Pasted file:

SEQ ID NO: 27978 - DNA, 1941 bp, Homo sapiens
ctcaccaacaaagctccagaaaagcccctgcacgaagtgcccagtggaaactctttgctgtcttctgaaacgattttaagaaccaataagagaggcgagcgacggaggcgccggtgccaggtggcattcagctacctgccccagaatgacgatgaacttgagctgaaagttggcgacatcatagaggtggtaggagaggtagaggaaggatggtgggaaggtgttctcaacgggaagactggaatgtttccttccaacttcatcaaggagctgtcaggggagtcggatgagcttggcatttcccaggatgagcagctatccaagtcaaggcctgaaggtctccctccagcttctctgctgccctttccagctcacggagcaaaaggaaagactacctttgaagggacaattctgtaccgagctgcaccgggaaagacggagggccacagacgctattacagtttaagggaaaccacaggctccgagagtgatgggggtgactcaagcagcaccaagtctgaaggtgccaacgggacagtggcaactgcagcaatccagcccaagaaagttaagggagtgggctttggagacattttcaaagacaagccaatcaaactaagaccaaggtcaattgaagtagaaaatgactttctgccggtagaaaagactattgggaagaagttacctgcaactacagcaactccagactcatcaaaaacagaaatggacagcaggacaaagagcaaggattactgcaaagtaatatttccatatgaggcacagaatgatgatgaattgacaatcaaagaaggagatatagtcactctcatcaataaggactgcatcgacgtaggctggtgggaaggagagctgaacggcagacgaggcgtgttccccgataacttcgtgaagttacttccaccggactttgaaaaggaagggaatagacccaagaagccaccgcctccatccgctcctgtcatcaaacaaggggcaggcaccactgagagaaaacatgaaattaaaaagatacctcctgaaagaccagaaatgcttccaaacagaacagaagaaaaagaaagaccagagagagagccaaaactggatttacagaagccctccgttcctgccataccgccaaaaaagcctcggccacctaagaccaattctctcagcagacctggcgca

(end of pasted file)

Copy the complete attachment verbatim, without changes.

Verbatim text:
SEQ ID NO: 27978 - DNA, 1941 bp, Homo sapiens
ctcaccaacaaagctccagaaaagcccctgcacgaagtgcccagtggaaactctttgctgtcttctgaaacgattttaagaaccaataagagaggcgagcgacggaggcgccggtgccaggtggcattcagctacctgccccagaatgacgatgaacttgagctgaaagttggcgacatcatagaggtggtaggagaggtagaggaaggatggtgggaaggtgttctcaacgggaagactggaatgtttccttccaacttcatcaaggagctgtcaggggagtcggatgagcttggcatttcccaggatgagcagctatccaagtcaaggcctgaaggtctccctccagcttctctgctgccctttccagctcacggagcaaaaggaaagactacctttgaagggacaattctgtaccgagctgcaccgggaaagacggagggccacagacgctattacagtttaagggaaaccacaggctccgagagtgatgggggtgactcaagcagcaccaagtctgaaggtgccaacgggacagtggcaactgcagcaatccagcccaagaaagttaagggagtgggctttggagacattttcaaagacaagccaatcaaactaagaccaaggtcaattgaagtagaaaatgactttctgccggtagaaaagactattgggaagaagttacctgcaactacagcaactccagactcatcaaaaacagaaatggacagcaggacaaagagcaaggattactgcaaagtaatatttccatatgaggcacagaatgatgatgaattgacaatcaaagaaggagatatagtcactctcatcaataaggactgcatcgacgtaggctggtgggaaggagagctgaacggcagacgaggcgtgttccccgataacttcgtgaagttacttccaccggactttgaaaaggaagggaatagacccaagaagccaccgcctccatccgctcctgtcatcaaacaaggggcaggcaccactgagagaaaacatgaaattaaaaagatacctcctgaaagaccagaaatgcttccaaacagaacagaagaaaaagaaagaccagagagagagccaaaactggatttacagaagccctccgttcctgccataccgccaaaaaagcctcggccacctaagaccaattctctcagcagacctggcgca